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When Was the First Sound Recording

By Mollee Shannon

With streaming music, it seems we have reached the pinnacle of music recording and playback, but where did it all begin?

The recording of sound has a long and storied history!
While many think it begins with the Wizard of Menlo Park, it actually begins in Paris. 

The Phonautograph 

Before Thomas Edison invented the phonograph, the phonautograph was patented in 1857 Paris by a man named Édouard-Léon Scott de Martinville, a French printer, bookseller, and inventor. He created a machine that could record sound on a piece of paper called a phonoautogram. The phonautogram recorded sound waves with a stylus that cut through layers of soot on paper. While this ingenious device was a landmark in the history of sound recording, it unfortunately could not play the sound back. In 1860, a phonautogram produced a recording of “Au Claire de Lune,” a common French folk song. Using modern technology, in 2008, scientists were able to reproduce the 1860 phonautogram by scanning it into a computer and allowing modern software to translate the sound waves into music. Monsieur de Martinville would be proud of such ingenuity! 

The Wizard of Menlo Park 

In 1877, across the pond in America, Thomas Edison was working on his own sound recording machine. He was able to patent his invention in 1878. Edison was able to record and reproduce audio on phonograph cylinders, objects that had recordings etched into foil wrapped around them that would be read by the phonograph on playback. The first sound he ever recorded was, “Mary had a little lamb. Its fleece was white as snow. Everywhere that Mary went the lamb was sure to go,” because who doesn’t love some classic Mother Goose? Despite the clarity being poor and the medium lacking durability, Edison became a sensation. The invention seeming almost magical, he earned the name “Wizard of Menlo Park.” 

Improvements to the Phonograph 

As Edison moved on to bigger and better things, like electricity and his famous rivalry with Nikola Tesla, the development of the phonograph stalled for a time until Alexander Graham Bell, Chichester Bell, and Charles Tainter took on the adventure of improving the phonograph. Intending to increase the durability of the cylinders and their etchings, the inventors created a cylinder made from wax, a far stronger option than tin foil, to be sure! These cylinders were played back on a machine deemed a “graphophone,” because a fellow needs to make his invention his own, right? While these machines became an immediate success, they were actually not popular for playing back music. Instead, they became popular dictating machines for the important thinkers of the day.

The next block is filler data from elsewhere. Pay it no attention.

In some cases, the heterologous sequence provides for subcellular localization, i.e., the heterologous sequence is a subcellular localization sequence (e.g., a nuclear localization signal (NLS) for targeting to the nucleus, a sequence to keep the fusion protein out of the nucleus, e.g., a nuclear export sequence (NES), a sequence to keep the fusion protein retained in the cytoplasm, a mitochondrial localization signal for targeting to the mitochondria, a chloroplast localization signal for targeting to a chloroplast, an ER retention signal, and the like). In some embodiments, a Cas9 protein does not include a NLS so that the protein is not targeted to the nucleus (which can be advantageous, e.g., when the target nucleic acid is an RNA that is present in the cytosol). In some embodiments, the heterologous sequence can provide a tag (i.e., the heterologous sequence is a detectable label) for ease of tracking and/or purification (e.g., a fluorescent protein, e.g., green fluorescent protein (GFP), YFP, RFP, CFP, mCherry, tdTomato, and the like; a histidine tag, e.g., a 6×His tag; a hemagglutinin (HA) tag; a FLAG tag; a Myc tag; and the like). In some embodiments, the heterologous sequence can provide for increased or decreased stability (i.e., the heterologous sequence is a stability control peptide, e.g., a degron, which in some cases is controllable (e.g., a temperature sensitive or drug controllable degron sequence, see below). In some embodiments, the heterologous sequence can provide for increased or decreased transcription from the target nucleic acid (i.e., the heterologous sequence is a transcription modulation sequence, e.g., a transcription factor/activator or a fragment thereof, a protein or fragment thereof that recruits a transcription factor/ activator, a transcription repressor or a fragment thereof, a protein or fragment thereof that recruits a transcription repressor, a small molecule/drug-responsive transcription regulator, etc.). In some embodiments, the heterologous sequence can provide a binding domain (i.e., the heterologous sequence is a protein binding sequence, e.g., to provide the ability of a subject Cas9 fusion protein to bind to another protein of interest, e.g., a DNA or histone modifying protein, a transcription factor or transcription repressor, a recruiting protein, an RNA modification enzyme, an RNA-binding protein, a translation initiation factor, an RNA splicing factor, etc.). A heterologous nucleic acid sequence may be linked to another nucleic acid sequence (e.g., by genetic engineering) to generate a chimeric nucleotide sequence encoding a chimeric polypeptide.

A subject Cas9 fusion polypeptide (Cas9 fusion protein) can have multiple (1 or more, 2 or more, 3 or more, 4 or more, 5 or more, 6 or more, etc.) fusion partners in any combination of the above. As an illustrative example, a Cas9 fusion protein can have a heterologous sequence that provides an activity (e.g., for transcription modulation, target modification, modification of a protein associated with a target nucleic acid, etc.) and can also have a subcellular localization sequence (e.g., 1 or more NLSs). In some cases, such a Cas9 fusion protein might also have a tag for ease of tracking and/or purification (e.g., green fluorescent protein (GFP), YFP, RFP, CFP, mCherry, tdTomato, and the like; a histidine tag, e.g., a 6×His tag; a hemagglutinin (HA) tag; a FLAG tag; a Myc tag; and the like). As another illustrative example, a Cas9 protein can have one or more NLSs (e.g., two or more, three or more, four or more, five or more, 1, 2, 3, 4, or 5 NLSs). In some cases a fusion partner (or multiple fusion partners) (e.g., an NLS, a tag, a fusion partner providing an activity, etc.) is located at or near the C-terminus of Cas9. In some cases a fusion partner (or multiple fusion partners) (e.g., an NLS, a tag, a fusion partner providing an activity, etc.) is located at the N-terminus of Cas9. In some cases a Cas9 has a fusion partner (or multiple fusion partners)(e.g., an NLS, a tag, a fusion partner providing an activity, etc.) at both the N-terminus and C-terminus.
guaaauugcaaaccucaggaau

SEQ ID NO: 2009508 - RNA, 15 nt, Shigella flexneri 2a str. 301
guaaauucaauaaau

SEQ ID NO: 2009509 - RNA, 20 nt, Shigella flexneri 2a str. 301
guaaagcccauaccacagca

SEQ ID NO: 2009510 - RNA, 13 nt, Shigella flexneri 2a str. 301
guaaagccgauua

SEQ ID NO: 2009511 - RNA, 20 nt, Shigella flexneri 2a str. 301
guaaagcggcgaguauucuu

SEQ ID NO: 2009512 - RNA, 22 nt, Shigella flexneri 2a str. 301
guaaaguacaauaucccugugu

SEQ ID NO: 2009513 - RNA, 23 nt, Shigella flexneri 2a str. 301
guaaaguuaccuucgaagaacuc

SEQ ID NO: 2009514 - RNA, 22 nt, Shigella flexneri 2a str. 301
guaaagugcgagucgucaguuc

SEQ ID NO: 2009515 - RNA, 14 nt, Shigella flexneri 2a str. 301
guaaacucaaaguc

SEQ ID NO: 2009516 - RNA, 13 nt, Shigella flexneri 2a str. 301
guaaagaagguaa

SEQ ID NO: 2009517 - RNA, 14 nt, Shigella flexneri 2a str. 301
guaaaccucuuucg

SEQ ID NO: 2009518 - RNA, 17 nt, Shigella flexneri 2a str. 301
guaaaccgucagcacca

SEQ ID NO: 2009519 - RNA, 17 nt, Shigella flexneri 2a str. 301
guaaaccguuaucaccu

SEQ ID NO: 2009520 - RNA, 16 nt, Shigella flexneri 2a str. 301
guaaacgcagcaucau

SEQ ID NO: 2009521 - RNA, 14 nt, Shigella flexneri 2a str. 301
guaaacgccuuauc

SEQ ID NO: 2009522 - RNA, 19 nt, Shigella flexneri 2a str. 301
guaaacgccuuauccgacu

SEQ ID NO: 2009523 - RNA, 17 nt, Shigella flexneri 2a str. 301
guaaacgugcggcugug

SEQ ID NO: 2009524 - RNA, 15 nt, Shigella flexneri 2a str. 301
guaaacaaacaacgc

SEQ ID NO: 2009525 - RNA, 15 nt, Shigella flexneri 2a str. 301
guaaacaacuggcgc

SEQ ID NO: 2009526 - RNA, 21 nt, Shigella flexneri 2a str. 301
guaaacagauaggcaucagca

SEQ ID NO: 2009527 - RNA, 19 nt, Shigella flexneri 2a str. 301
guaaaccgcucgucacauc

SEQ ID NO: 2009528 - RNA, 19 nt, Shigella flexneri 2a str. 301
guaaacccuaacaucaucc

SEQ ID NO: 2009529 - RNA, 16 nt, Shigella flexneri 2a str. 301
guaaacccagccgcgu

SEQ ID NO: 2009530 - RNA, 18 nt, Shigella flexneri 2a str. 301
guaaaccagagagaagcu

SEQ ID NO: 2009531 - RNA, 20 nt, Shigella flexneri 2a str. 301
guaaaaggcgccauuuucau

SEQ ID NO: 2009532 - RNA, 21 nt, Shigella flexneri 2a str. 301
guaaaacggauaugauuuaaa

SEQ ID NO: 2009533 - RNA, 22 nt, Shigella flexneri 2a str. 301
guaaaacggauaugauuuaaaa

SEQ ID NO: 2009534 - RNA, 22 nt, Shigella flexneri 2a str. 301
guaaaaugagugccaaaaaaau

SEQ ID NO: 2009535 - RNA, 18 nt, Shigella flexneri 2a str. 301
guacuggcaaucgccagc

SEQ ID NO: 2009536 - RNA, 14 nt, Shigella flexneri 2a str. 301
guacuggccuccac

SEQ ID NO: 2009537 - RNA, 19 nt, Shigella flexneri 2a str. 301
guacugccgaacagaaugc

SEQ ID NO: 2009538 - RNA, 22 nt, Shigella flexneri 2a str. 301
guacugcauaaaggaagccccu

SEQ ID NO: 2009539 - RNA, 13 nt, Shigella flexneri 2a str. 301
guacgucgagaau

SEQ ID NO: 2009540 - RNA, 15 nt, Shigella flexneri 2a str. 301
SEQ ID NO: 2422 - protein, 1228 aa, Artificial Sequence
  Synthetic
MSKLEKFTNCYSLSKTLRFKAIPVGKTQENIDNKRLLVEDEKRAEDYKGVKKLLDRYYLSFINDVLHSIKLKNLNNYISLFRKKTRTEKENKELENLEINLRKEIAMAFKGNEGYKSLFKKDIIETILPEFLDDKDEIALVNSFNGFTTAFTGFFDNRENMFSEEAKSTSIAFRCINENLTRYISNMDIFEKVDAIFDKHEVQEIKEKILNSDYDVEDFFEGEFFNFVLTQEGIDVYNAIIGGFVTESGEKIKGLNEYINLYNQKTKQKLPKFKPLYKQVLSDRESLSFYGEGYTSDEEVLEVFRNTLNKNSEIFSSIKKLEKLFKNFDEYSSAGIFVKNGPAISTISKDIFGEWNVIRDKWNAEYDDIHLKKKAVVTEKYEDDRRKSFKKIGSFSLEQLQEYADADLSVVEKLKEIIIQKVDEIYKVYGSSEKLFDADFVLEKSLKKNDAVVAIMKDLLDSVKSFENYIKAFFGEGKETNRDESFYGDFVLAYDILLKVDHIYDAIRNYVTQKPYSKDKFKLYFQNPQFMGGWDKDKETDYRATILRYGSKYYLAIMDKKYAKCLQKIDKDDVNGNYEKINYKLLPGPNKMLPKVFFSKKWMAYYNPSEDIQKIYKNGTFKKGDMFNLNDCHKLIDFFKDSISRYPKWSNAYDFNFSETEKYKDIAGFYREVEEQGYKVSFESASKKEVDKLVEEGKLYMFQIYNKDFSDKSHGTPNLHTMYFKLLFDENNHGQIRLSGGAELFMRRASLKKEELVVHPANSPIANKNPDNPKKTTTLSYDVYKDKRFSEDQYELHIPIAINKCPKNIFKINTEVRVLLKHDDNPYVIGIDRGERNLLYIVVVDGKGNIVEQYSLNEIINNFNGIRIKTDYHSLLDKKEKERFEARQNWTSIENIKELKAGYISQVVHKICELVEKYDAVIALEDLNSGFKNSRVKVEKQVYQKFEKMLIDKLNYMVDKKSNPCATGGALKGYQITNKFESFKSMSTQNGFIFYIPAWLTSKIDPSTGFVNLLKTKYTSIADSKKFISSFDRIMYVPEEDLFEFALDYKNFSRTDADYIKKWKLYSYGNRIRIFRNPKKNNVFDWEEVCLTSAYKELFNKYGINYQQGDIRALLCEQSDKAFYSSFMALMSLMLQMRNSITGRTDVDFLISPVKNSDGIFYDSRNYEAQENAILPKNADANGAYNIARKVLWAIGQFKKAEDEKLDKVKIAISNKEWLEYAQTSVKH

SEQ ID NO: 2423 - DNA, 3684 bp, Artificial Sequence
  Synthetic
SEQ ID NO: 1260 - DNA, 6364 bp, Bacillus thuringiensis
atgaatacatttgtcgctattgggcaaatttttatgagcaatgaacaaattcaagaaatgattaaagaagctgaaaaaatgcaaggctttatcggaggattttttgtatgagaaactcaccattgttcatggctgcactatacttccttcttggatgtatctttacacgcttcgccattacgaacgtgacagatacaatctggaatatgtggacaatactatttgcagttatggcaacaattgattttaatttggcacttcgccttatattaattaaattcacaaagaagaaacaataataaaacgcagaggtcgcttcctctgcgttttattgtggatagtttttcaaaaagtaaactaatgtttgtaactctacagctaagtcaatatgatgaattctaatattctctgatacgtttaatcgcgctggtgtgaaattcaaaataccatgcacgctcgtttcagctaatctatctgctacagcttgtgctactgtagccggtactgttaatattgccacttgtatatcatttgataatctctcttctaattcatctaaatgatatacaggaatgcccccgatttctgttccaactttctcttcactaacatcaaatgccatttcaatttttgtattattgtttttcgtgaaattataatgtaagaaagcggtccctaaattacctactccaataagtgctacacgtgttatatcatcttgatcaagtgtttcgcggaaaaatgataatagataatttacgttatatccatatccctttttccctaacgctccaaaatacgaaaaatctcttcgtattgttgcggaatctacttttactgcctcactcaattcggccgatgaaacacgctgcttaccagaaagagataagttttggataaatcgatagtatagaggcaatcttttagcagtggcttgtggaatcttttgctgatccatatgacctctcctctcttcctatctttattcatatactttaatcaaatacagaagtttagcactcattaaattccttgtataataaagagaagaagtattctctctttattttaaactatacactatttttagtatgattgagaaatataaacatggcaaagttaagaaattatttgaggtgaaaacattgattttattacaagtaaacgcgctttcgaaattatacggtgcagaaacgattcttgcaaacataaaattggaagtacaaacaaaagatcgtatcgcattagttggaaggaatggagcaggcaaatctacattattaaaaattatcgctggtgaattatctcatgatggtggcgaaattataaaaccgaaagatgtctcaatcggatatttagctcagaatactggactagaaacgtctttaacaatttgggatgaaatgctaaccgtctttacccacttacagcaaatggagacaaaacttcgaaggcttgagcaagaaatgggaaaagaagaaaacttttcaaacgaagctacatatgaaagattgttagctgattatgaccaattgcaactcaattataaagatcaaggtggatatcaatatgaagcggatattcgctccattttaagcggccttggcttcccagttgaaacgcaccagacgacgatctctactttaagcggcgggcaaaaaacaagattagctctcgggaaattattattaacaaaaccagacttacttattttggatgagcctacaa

A Race to Record

As the 19th century went on, Edison, Bell, and Emile Berliner competed to find the best method of recording, best materials to record on, and the most efficient way to produce playback. The inventors used a number of materials including glass, beeswax, and brass in their quest for making the recording process easier to repeat and reproduce for mass consumption. Berliner finally found success by patenting another reinvention, the “gramophone,” and the flat disc record in 1887. This is the record player we are familiar with today, which uses a stylus that skims through a groove.  In 1888 Berliner introduced records which were made from stamps, so that these 5-inch rubber discs could be mass-produced. By 1890, Berliner was producing these machines and their records in Germany. As the say: “The rest is history.”

A Recorded History 

Many of the earliest audio recordings are housed at the Smithsonian Museum right here in the United States! Modern technology is allowing scientists to translate these recordings, so even though we have come a long way, there are still mysteries to uncover! You might even have a few mysteries of your own to discover! While you may not have any wax cylinders in your audio collection, you might have some old audio reels, and at Southtree, getting your audio converted to a CD, thumb drive, or digital download doesn’t require Smithsonian science! It’s simple and easy, and you’ll be listening to all your old favorites in no time!

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